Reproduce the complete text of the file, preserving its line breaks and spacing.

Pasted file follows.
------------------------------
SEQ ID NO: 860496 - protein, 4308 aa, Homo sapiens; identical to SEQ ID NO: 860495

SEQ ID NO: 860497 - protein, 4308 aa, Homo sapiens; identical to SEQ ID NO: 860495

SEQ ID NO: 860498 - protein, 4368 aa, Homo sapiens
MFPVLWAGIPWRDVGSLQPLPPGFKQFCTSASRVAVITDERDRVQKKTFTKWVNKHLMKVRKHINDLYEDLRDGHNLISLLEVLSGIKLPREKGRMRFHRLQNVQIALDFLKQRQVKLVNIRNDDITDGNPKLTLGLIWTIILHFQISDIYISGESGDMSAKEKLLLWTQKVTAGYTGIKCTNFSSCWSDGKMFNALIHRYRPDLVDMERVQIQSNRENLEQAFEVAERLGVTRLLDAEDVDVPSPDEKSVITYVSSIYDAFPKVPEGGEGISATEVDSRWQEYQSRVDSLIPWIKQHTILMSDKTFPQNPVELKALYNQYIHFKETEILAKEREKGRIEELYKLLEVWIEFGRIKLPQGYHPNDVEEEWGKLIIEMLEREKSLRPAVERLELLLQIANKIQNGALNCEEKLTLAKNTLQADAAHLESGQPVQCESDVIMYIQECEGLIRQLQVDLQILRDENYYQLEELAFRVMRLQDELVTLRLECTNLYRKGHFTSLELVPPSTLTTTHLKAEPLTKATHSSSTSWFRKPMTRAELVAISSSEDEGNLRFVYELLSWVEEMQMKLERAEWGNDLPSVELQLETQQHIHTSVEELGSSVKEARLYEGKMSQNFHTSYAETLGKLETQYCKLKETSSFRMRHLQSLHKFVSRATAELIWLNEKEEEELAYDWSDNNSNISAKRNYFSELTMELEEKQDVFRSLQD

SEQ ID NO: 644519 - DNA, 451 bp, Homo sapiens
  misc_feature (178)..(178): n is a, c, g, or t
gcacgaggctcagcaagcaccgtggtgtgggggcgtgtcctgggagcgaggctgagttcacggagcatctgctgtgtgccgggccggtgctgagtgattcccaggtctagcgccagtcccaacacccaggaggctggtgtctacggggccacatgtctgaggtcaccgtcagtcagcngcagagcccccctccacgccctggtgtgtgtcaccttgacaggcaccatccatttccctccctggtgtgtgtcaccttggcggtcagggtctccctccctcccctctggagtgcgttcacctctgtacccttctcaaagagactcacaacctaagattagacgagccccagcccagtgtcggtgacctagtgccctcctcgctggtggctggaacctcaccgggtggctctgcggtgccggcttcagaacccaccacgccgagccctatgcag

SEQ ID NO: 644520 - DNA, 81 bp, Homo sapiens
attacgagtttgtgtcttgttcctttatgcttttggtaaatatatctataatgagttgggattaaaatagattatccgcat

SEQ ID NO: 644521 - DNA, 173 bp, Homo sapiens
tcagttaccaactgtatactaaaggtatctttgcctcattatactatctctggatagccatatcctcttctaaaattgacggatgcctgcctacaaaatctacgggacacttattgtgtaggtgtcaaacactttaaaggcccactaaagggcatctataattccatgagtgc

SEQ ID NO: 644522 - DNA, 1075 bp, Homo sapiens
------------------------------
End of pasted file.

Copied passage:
SEQ ID NO: 860496 - protein, 4308 aa, Homo sapiens; identical to SEQ ID NO: 860495

SEQ ID NO: 860497 - protein, 4308 aa, Homo sapiens; identical to SEQ ID NO: 860495

SEQ ID NO: 860498 - protein, 4368 aa, Homo sapiens
MFPVLWAGIPWRDVGSLQPLPPGFKQFCTSASRVAVITDERDRVQKKTFTKWVNKHLMKVRKHINDLYEDLRDGHNLISLLEVLSGIKLPREKGRMRFHRLQNVQIALDFLKQRQVKLVNIRNDDITDGNPKLTLGLIWTIILHFQISDIYISGESGDMSAKEKLLLWTQKVTAGYTGIKCTNFSSCWSDGKMFNALIHRYRPDLVDMERVQIQSNRENLEQAFEVAERLGVTRLLDAEDVDVPSPDEKSVITYVSSIYDAFPKVPEGGEGISATEVDSRWQEYQSRVDSLIPWIKQHTILMSDKTFPQNPVELKALYNQYIHFKETEILAKEREKGRIEELYKLLEVWIEFGRIKLPQGYHPNDVEEEWGKLIIEMLEREKSLRPAVERLELLLQIANKIQNGALNCEEKLTLAKNTLQADAAHLESGQPVQCESDVIMYIQECEGLIRQLQVDLQILRDENYYQLEELAFRVMRLQDELVTLRLECTNLYRKGHFTSLELVPPSTLTTTHLKAEPLTKATHSSSTSWFRKPMTRAELVAISSSEDEGNLRFVYELLSWVEEMQMKLERAEWGNDLPSVELQLETQQHIHTSVEELGSSVKEARLYEGKMSQNFHTSYAETLGKLETQYCKLKETSSFRMRHLQSLHKFVSRATAELIWLNEKEEEELAYDWSDNNSNISAKRNYFSELTMELEEKQDVFRSLQD

SEQ ID NO: 644519 - DNA, 451 bp, Homo sapiens
  misc_feature (178)..(178): n is a, c, g, or t
gcacgaggctcagcaagcaccgtggtgtgggggcgtgtcctgggagcgaggctgagttcacggagcatctgctgtgtgccgggccggtgctgagtgattcccaggtctagcgccagtcccaacacccaggaggctggtgtctacggggccacatgtctgaggtcaccgtcagtcagcngcagagcccccctccacgccctggtgtgtgtcaccttgacaggcaccatccatttccctccctggtgtgtgtcaccttggcggtcagggtctccctccctcccctctggagtgcgttcacctctgtacccttctcaaagagactcacaacctaagattagacgagccccagcccagtgtcggtgacctagtgccctcctcgctggtggctggaacctcaccgggtggctctgcggtgccggcttcagaacccaccacgccgagccctatgcag

SEQ ID NO: 644520 - DNA, 81 bp, Homo sapiens
attacgagtttgtgtcttgttcctttatgcttttggtaaatatatctataatgagttgggattaaaatagattatccgcat

SEQ ID NO: 644521 - DNA, 173 bp, Homo sapiens
tcagttaccaactgtatactaaaggtatctttgcctcattatactatctctggatagccatatcctcttctaaaattgacggatgcctgcctacaaaatctacgggacacttattgtgtaggtgtcaaacactttaaaggcccactaaagggcatctataattccatgagtgc

SEQ ID NO: 644522 - DNA, 1075 bp, Homo sapiens